This is not intended as braggy (;_; sry), but rather that… while it is significantly harder to find work post-college (especially in art), you still have a chance even 3 years out, and you are in no way alone. It’s a really scary almost self-fulfilling prophecy—you need to improve your artwork and make new projects, but since you can’t find work, you feel like a bum and get depressed, which makes it harder to improve your artwork and make new projects.
And the worst is when nobody responds back to you. It’s one thing to be told ‘no’—it’s another to send out hundreds of applications and hear nothing but silence, because you don’t know what you’re doing wrong.
Sorry I’m getting rambly. Either way, please hang in there. Yes, you might need to get a ‘day job,’ you may even need to lie and leave off your qualifications when you apply (I had to). ;_; But like Garagoose said — you’ve only failed if you’ve given up drawing completely. And that’d be tragic. D:
ANYWAY UH HERE ARE SOME RESOURCES so this can almost be like a tutorial maybe I guess?????
While working a dayjob and still struggling to find a ‘real’ job in the field of art (and sorry if you’ve tried any of these already, I don’t mean to sound condescending. D: It might be resources that help any of my other followers as well):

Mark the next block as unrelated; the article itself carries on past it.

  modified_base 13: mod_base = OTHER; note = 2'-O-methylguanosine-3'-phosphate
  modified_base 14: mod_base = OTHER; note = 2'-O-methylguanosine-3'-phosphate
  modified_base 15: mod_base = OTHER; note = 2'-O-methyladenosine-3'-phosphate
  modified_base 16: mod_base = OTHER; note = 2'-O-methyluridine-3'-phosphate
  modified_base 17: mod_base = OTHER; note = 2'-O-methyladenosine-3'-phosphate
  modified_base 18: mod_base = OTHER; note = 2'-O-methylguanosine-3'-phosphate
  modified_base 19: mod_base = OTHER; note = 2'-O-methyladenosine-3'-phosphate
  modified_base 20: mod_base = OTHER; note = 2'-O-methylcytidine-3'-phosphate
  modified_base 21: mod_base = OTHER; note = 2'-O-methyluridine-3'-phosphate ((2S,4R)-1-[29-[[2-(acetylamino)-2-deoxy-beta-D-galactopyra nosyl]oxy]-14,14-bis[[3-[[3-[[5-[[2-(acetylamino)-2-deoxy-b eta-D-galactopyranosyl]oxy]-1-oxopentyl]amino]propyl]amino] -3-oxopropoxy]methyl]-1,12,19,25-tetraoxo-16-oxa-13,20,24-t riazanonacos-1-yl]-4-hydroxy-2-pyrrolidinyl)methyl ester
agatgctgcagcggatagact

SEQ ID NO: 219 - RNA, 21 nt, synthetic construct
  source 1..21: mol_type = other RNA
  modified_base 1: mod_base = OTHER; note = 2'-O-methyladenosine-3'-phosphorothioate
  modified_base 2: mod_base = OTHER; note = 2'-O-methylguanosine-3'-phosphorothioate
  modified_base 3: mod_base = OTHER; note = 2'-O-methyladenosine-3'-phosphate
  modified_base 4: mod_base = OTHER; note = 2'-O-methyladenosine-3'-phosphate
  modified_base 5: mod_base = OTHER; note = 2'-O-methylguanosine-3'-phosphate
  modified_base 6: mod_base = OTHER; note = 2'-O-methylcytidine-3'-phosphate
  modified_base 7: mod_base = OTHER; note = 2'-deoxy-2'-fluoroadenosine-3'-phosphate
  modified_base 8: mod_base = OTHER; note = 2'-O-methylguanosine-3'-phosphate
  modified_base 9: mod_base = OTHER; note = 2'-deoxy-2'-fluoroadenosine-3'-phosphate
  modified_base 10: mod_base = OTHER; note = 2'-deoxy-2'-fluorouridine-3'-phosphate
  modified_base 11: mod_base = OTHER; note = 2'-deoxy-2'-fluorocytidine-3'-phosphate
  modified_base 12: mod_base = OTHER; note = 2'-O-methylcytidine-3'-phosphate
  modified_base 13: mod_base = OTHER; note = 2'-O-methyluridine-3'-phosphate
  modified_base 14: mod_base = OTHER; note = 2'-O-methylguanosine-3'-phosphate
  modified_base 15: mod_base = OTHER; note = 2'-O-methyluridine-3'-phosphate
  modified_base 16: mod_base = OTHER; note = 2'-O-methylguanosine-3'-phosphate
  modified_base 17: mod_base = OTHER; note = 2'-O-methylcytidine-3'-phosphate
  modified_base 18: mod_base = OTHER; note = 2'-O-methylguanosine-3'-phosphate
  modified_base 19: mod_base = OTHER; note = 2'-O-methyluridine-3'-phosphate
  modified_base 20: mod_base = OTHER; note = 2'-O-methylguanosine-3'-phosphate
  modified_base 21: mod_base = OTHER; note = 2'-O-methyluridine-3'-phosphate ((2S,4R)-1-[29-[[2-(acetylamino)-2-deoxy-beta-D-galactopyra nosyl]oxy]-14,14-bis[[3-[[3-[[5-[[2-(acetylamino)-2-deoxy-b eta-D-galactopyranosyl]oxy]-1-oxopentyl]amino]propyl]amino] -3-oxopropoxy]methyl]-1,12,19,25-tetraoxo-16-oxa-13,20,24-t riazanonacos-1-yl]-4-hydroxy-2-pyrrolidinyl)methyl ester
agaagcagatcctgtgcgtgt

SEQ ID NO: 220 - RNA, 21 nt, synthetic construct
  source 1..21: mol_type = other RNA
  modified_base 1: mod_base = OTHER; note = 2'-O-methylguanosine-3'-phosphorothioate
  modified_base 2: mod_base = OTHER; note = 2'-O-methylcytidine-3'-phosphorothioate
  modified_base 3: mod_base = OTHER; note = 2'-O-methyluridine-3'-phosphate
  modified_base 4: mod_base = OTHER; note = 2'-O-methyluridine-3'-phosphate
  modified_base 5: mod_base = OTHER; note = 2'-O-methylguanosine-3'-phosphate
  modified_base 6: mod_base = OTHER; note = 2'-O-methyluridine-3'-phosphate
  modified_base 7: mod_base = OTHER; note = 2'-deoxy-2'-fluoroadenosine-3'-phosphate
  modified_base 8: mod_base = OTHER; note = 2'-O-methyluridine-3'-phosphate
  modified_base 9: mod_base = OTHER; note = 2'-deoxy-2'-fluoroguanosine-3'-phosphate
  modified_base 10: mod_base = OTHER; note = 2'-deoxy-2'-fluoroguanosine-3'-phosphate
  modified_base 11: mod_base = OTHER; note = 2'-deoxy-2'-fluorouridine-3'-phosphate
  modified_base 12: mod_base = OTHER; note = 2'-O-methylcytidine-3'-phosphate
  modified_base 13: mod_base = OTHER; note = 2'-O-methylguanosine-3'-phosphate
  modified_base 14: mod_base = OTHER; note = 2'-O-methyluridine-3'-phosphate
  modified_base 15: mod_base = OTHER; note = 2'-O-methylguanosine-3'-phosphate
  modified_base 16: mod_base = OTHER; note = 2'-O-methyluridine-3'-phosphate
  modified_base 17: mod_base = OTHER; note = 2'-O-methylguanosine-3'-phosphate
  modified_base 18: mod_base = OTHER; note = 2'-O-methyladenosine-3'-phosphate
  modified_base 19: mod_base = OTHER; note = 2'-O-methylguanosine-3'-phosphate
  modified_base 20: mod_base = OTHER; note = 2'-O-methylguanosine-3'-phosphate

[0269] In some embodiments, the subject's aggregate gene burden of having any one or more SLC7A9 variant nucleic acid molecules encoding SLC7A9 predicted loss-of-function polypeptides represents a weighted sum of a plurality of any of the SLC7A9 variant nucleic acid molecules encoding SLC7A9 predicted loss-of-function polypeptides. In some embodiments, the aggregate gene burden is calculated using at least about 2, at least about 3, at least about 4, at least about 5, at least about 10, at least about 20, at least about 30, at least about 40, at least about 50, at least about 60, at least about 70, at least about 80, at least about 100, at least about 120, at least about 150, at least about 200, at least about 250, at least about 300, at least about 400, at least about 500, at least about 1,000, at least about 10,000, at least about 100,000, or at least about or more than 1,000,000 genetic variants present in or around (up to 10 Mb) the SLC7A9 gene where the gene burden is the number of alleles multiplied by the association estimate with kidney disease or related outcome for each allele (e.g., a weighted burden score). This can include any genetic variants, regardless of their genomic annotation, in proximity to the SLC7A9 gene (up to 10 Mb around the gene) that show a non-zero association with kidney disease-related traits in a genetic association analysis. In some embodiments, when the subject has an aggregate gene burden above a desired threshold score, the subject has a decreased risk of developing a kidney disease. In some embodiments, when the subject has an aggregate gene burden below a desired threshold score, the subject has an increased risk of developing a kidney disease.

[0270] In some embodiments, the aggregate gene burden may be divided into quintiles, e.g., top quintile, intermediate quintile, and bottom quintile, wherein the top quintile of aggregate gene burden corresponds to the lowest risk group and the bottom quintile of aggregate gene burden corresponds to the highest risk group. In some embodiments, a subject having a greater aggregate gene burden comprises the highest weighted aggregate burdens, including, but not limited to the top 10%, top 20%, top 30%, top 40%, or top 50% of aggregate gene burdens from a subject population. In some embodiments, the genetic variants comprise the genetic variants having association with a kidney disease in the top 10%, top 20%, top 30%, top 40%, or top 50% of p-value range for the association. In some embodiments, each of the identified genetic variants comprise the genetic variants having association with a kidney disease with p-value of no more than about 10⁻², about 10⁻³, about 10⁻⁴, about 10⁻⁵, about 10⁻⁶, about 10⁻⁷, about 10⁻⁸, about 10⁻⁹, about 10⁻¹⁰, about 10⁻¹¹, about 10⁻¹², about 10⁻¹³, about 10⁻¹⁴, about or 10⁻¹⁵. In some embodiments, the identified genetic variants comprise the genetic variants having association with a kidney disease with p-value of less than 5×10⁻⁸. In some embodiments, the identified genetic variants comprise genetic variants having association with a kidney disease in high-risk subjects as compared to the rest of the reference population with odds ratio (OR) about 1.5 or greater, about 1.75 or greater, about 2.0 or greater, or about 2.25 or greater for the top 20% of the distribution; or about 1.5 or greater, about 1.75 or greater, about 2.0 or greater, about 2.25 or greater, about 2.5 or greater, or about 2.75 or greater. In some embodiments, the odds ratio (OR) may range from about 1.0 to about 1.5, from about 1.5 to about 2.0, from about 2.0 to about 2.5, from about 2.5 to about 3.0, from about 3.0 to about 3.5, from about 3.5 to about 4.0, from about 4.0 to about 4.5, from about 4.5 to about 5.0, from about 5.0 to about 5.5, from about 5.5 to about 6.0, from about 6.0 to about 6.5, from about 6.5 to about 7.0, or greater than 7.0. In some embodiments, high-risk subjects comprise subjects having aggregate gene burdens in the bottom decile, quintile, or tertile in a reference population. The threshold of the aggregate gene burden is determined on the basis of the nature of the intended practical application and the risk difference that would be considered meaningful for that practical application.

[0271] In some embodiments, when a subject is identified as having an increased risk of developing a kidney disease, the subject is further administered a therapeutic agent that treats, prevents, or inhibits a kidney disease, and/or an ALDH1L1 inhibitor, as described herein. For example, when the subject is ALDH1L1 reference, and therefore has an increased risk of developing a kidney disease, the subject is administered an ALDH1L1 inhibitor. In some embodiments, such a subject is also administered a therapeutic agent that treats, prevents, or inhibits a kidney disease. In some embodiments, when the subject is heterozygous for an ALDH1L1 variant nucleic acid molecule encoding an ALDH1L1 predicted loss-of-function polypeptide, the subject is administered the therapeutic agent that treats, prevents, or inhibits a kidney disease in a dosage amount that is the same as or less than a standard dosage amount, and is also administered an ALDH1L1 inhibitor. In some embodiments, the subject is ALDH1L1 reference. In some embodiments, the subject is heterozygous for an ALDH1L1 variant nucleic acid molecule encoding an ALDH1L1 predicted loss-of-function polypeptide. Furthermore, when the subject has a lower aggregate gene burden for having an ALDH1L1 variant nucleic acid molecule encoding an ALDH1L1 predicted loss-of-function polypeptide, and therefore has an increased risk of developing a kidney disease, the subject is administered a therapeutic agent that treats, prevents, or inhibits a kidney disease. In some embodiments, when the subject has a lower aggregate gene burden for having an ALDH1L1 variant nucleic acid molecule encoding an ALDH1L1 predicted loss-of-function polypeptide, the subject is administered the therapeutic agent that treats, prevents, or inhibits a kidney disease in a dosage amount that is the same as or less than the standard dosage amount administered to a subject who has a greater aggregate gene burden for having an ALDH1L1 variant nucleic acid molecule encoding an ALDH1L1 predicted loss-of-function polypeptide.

- Take on paid contract work. Since self-publishing has gotten easier, there are a lot more singular individuals seeking artists to make cool stuff. I used Craigslist a lot to pick up spotty random contracts. Most of them did not pay well, but it was experience I could use to pad my resume.
- If you’re up to it, you COULD take unpaid work, but I would not recommend it. While it’s stuff you can use on your resume (I actually did several unpaid gigs starting out), at the same time you’re better off starting your own projects.
- Speaking of that — we as artists are TERRIBLE at considering anything we do for personal projects as “real work.” Stoppit! If you, say, work on a webcomic… Put that shit on your resume, ESPECIALLY if you handle it all by yourself. Not only are you doing all the drawing grunt work, you’re also writing and managing websites. Even if you work on a team—you’re collaborating in a group environment to produce a product. That is A+ what people are looking for. My own webcomic is on my resume, and on my linkedin.